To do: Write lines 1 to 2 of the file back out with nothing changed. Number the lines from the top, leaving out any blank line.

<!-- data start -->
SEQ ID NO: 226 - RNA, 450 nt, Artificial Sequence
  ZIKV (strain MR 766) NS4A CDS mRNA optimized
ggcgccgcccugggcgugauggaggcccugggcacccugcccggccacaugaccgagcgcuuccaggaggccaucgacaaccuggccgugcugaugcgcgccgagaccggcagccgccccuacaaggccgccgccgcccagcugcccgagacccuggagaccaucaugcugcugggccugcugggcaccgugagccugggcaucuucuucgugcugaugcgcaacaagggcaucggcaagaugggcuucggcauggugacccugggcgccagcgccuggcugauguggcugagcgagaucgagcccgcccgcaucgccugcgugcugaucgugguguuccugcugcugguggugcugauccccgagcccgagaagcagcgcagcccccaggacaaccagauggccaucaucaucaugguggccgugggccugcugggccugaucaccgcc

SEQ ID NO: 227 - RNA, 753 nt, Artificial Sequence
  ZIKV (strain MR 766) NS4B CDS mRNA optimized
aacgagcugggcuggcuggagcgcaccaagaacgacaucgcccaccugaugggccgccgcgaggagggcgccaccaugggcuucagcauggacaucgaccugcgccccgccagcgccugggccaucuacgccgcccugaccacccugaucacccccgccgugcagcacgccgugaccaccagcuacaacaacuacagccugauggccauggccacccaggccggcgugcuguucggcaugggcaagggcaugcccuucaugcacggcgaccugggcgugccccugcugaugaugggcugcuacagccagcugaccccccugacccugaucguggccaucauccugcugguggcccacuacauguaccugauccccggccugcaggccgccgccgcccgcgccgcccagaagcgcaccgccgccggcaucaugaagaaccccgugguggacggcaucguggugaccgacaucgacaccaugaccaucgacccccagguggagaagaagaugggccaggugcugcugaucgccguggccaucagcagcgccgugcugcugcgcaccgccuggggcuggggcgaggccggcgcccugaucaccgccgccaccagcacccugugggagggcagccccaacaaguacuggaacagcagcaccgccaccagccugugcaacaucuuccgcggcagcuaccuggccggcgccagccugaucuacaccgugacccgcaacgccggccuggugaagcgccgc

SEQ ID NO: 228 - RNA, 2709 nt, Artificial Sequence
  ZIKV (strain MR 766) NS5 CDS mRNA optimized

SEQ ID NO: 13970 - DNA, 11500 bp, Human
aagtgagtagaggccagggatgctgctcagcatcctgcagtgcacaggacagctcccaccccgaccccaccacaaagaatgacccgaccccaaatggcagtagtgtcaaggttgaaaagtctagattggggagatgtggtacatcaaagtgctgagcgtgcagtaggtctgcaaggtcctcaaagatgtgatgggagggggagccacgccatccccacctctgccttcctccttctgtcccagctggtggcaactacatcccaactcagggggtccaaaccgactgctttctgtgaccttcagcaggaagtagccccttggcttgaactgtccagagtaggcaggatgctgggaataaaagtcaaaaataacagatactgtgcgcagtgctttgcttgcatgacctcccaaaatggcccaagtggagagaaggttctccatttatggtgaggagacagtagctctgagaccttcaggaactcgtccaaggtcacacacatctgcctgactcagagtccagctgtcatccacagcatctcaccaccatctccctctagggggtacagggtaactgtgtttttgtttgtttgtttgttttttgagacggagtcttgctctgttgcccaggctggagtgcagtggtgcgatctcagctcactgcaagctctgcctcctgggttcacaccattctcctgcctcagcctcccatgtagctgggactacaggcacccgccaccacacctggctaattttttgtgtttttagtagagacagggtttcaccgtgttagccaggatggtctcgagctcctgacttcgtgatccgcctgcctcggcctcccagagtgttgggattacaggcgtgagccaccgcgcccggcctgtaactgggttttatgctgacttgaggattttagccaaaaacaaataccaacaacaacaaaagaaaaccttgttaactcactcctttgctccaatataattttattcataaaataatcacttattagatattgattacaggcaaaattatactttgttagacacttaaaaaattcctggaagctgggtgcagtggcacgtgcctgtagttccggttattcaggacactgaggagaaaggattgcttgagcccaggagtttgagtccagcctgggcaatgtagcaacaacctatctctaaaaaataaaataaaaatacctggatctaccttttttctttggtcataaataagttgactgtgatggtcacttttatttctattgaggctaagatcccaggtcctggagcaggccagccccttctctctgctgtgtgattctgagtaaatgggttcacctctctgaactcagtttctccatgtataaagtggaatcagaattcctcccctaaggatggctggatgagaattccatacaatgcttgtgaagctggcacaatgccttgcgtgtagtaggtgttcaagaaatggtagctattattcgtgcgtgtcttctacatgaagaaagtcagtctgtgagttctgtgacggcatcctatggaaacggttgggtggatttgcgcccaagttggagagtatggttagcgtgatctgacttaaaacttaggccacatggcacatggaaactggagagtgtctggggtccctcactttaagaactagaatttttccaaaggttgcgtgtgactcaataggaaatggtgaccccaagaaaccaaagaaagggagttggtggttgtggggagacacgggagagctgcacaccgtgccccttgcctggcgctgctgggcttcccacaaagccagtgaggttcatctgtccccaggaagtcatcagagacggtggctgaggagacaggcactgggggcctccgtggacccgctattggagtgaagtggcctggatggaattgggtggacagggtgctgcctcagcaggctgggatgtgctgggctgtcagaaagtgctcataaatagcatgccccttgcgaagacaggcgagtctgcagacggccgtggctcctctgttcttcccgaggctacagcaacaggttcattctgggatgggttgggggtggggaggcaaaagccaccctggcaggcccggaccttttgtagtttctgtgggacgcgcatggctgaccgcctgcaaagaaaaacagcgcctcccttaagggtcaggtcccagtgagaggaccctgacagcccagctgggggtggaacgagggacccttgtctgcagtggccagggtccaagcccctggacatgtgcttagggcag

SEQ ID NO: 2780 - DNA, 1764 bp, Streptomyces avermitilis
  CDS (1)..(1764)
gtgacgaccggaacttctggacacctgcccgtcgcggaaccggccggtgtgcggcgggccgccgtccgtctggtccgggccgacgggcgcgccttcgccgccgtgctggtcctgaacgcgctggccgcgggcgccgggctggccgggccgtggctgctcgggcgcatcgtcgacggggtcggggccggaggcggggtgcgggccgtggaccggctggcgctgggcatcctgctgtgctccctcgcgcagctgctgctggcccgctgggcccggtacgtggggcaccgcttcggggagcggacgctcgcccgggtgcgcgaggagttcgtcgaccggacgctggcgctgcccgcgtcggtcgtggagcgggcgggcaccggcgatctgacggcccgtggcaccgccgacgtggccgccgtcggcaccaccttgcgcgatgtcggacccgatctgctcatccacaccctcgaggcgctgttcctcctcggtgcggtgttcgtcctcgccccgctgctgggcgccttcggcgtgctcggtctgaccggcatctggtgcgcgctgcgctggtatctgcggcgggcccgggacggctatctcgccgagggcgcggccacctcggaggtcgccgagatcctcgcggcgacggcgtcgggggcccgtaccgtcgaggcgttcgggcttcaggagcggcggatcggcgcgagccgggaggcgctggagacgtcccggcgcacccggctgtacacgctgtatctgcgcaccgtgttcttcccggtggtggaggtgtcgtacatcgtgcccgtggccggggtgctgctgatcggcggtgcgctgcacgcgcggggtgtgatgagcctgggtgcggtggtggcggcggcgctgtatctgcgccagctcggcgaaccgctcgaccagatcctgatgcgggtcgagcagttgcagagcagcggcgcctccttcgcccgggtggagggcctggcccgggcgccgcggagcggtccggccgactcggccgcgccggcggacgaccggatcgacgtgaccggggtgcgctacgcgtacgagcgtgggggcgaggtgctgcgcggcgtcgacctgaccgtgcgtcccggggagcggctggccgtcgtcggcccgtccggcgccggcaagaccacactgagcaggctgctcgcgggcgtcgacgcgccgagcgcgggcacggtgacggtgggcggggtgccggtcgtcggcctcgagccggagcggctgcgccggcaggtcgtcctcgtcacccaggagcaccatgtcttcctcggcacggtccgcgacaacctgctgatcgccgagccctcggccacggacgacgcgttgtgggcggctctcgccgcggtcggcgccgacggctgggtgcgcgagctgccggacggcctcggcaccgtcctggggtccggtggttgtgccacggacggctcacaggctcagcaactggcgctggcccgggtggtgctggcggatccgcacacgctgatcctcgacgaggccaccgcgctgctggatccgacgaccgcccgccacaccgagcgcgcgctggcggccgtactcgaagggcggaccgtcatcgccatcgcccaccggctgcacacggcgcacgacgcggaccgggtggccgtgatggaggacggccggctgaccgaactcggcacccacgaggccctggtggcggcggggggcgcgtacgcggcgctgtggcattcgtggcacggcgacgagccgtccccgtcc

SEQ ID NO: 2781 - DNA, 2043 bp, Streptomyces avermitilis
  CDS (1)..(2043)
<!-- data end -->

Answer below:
SEQ ID NO: 226 - RNA, 450 nt, Artificial Sequence
  ZIKV (strain MR 766) NS4A CDS mRNA optimized